ADVERTISEMENT

Rising travel taxes: Survey shows they're impacting travel plans

By Michelle Baran
October 3, 2012
blog_bttraveltaxes_original.jpg
Courtesy Michelle Baran

As city, county and state governments look for more ways to boost their revenues, they're relying on higher taxes on everything from hotel rooms to airfare, car rentals to bus fares, and travelers are starting to notice, a recent survey shows.

According to the U.S. Travel Association, 49 percent of travelers say they have scaled back their plans due to higher travel taxes, including staying at less expensive hotels and traveling during the off-season, a survey of 1,000 U.S. adults that have completed overnight travel sometime in the last year showed.

"Travelers are often considered an easy tax target, but few public officials understand how rising travel taxes influence consumer behavior and impact the economy," said Roger Dow, president and CEO of the U.S. Travel Association.

In other words, if higher travel taxes have an adverse effect on traveling, they could ultimately be counterproductive, according to the organization.

The U.S. Travel Association, a non-profit organization that works to promote travel to and within the U.S., commissioned the survey as part of its newly created Travel Tax Institute to research rising travel taxes and their potential impact on the economy.

What it found, was that 68 percent of travelers find hotel taxes to be "very high" (35 percent) or "high" (33 percent); and 66 percent rated airfare taxes as either "very high" (38 percent) or "high" (28 percent).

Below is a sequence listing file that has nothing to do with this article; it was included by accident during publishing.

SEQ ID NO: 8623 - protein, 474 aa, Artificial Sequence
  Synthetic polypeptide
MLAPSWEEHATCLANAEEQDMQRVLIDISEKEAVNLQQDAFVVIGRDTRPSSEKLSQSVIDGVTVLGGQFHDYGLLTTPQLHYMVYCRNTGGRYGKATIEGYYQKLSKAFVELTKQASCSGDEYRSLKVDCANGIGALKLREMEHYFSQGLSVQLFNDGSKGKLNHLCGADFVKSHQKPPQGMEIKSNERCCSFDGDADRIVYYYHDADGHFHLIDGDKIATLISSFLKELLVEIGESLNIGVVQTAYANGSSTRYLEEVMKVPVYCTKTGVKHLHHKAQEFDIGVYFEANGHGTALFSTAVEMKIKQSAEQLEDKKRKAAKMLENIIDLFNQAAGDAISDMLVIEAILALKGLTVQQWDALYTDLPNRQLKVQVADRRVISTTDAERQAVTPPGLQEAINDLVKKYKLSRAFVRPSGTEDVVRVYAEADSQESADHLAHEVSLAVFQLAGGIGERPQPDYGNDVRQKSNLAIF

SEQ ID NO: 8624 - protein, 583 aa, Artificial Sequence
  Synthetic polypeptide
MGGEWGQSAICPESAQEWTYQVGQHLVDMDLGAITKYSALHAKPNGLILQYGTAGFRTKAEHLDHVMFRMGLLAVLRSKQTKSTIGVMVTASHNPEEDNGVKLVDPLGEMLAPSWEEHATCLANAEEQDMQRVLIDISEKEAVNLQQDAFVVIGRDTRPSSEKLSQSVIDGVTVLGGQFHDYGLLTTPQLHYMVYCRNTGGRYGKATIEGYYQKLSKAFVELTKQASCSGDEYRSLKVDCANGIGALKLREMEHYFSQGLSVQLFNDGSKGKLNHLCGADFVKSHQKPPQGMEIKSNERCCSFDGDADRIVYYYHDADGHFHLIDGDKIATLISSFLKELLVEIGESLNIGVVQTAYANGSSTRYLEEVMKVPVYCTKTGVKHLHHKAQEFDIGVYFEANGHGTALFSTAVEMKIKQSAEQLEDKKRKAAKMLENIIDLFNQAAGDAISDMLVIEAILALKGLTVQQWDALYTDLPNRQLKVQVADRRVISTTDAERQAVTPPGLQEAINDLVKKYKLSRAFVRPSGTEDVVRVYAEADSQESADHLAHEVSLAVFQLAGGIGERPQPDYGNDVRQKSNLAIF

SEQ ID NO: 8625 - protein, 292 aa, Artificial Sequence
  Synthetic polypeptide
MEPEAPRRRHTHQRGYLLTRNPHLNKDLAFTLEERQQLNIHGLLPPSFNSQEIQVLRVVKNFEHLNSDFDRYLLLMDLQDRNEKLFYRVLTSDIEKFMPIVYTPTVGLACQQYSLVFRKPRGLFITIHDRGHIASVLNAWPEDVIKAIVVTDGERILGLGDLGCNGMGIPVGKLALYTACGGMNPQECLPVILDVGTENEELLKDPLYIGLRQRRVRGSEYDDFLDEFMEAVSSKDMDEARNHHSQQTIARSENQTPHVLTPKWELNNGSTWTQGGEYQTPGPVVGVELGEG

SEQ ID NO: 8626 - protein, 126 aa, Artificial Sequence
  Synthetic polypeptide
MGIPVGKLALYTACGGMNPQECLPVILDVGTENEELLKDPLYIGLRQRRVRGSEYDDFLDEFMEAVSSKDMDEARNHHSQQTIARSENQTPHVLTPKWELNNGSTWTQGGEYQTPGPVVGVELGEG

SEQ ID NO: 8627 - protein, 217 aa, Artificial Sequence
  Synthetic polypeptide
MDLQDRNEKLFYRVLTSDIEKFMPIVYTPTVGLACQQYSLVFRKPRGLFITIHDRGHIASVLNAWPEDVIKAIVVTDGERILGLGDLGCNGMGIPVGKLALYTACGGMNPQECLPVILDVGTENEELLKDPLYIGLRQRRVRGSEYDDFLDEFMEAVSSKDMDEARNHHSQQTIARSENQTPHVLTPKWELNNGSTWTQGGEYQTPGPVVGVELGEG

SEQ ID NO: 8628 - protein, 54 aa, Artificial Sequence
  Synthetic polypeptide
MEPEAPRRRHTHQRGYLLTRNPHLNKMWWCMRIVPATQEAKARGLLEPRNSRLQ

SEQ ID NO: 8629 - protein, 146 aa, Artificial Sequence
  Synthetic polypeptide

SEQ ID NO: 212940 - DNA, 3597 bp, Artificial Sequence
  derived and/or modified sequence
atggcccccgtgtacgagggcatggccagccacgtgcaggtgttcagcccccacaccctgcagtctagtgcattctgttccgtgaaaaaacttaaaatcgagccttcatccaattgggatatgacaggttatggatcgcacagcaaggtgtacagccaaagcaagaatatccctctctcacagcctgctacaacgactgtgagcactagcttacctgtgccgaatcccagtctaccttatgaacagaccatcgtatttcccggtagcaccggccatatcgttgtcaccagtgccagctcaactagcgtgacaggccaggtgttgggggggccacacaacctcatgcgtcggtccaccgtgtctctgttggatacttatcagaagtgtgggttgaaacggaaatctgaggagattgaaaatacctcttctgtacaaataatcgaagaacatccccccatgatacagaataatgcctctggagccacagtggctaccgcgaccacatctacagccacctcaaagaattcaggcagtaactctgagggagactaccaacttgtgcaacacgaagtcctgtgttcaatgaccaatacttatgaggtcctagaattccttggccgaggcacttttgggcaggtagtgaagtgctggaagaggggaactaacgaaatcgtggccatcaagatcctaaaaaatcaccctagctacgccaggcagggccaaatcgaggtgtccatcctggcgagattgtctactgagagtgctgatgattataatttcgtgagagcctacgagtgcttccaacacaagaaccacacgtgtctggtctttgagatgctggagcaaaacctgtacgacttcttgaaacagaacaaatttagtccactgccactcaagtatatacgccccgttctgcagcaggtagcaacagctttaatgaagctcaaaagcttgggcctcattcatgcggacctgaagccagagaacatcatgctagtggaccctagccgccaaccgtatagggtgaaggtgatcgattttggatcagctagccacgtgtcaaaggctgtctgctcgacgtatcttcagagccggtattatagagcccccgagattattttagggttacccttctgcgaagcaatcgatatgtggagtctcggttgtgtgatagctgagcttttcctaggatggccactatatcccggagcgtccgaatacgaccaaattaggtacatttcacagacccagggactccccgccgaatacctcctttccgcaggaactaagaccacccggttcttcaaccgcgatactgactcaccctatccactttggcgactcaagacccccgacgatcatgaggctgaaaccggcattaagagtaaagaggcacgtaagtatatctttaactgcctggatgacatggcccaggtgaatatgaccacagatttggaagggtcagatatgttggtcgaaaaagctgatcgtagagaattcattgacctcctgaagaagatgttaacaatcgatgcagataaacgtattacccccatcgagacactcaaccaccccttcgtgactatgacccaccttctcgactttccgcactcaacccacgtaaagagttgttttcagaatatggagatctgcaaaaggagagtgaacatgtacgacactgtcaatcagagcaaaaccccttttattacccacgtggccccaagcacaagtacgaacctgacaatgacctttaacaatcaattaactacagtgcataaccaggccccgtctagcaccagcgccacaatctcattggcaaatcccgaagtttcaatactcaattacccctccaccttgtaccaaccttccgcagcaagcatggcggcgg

And the majority of travelers (65 percent) are expecting travel taxes to continue to increase in the coming year.

Then there's what the money from the higher taxes should be used for. The majority of respondents felt that travel tax revenue should at least be spent on enhancing the quality of the visitor experience.

Sixty percent of travelers said travel taxes should be reinvested in travel infrastructure, such as roads and airports. Only 14 percent of those surveyed cited "non-travel related expenditures" such as "contributions to government general funds" as an appropriate use for the taxes.

What about you? Have you noticed higher travel taxes? Have you changed your travel plans because of them? Let us know by voting in our poll or commenting below.

More from Budget Travel:

Should D.C.'s museums start charging fees?

Taxing controversy: Should hotels or booking engines be paying more in taxes?

Rome to tax tourists instead of locals

Keep reading
Inspiration

Europe's biggest tourist traps?

A new Lonely Planet survey finds that Ireland's Blarney Stone is one of Europe's many "tourist traps." Three out of four people said in a survey that the 15th-century Blarney Castle with its famous rock (to be kissed for good luck) is not worth seeing. I must admit I agree about the Blarney Stone. Kinda overrated. But fortunately it's now well guarded. Back in the day, local kids were rumored to sneak in at night to piss on the stone the tourists would kiss the next day. Another attraction most of 13,000 surveyed travelers say to skip is the London Eye, a "glorified Ferris Wheel" in the heart of the British capital. But now it's your turn. What do you think are Europe's most overrated attractions? We're talking about specific experiences, not entire countries, please. Things like: Taking a gondola ride in Venice. Climbing to the top of The Eiffel Tower. Attending Oktoberfest in Munich. Let us know by posting a comment! MORE THAN BUDGET TRAVEL What's better than Stonehenge? (19 comments) Should we tip flight attendants? (60 comments) Introducing the new 'all you can drink' cruise 100+ Facebook likes

Cruises

Cruise news: Disney Cruise Line expands into NYC